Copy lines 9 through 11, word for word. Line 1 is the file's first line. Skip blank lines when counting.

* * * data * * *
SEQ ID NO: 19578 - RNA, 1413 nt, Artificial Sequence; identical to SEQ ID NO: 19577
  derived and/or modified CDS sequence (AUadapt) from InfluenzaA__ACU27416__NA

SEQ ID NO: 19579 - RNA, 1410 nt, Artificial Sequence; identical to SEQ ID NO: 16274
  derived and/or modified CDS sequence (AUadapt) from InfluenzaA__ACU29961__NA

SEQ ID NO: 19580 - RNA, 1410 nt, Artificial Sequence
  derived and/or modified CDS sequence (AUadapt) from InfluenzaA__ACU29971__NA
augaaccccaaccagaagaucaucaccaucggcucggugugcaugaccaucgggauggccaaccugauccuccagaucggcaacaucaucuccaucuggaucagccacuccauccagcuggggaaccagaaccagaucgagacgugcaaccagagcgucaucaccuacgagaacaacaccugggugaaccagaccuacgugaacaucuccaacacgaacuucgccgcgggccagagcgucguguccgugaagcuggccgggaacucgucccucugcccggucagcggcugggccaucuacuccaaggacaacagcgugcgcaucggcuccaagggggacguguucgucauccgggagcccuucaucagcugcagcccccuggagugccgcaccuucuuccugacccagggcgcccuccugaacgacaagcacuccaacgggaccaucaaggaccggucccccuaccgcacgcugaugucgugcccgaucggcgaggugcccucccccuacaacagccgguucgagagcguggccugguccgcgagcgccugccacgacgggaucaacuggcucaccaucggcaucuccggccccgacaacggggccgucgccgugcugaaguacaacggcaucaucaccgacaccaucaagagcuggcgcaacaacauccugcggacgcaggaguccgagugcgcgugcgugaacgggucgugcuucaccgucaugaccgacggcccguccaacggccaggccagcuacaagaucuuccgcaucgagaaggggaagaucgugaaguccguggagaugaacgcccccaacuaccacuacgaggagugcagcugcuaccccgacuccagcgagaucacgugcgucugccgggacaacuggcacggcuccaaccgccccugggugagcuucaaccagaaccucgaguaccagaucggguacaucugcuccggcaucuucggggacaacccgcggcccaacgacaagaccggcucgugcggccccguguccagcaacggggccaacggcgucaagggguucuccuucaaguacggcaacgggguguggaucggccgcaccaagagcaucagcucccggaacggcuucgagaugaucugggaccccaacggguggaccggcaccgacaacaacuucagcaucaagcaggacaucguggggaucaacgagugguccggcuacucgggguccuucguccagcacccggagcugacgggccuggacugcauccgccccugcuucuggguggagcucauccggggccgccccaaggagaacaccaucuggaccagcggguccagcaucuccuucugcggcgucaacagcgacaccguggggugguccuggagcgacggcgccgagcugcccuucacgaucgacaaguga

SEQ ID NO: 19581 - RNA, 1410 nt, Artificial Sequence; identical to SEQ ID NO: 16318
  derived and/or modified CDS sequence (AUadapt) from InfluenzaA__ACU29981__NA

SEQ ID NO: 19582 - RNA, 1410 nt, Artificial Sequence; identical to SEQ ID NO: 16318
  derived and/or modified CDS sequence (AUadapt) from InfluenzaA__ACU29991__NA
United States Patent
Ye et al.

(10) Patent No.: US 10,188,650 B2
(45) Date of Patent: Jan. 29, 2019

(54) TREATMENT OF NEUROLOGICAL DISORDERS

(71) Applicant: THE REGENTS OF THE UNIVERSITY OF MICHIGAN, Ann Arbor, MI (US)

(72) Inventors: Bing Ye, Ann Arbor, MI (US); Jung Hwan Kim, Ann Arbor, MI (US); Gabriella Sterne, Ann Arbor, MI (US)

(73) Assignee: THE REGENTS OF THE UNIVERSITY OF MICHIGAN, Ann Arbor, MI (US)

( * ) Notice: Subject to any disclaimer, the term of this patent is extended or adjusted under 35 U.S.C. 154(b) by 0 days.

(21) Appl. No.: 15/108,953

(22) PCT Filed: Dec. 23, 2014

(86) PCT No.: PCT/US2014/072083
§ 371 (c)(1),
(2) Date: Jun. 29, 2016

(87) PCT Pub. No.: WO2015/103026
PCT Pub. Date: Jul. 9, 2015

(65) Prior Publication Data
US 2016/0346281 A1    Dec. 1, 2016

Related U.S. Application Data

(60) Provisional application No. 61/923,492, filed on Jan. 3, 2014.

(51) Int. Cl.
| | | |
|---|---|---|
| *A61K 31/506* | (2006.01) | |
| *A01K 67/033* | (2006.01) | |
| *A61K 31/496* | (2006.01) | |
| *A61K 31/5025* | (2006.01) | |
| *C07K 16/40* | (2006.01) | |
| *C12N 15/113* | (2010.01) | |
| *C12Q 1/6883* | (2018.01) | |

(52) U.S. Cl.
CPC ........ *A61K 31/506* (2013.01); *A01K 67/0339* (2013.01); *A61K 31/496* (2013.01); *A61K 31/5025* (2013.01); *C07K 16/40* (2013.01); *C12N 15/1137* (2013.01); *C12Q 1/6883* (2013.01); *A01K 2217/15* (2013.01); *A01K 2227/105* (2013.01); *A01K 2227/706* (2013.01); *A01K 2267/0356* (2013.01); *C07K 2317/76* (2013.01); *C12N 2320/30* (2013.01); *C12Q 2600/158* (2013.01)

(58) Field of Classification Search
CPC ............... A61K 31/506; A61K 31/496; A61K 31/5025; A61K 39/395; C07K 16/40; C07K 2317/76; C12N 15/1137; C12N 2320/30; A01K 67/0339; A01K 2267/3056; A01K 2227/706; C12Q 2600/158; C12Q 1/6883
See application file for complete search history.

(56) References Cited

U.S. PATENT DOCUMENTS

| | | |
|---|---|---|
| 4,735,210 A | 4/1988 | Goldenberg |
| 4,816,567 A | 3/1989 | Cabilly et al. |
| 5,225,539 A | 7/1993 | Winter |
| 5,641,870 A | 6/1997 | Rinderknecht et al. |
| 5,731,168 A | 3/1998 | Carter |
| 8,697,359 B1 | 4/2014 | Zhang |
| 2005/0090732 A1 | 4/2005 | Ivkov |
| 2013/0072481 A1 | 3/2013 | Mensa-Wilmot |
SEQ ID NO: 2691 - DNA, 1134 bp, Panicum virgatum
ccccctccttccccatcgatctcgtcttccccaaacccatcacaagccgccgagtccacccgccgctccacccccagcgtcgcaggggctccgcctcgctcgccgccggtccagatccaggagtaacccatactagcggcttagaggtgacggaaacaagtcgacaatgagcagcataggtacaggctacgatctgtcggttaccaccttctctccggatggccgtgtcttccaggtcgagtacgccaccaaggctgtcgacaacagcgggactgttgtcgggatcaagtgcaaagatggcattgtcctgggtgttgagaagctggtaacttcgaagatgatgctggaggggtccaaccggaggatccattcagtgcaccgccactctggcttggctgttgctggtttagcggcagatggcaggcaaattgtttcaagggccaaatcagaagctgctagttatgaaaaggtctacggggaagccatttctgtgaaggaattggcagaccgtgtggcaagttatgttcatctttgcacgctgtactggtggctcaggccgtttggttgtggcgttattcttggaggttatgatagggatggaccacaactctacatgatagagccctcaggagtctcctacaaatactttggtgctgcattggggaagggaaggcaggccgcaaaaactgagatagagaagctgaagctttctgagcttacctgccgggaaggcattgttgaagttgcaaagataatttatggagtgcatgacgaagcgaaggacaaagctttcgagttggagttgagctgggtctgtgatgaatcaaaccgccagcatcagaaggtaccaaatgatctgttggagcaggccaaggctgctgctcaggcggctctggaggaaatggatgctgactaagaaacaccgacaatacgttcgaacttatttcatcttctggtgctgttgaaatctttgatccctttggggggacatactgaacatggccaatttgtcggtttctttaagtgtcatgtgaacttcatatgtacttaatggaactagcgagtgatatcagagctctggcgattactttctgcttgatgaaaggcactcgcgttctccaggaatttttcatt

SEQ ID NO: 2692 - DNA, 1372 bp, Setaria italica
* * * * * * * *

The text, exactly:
  derived and/or modified CDS sequence (AUadapt) from InfluenzaA__ACU29981__NA

SEQ ID NO: 19582 - RNA, 1410 nt, Artificial Sequence; identical to SEQ ID NO: 16318
  derived and/or modified CDS sequence (AUadapt) from InfluenzaA__ACU29991__NA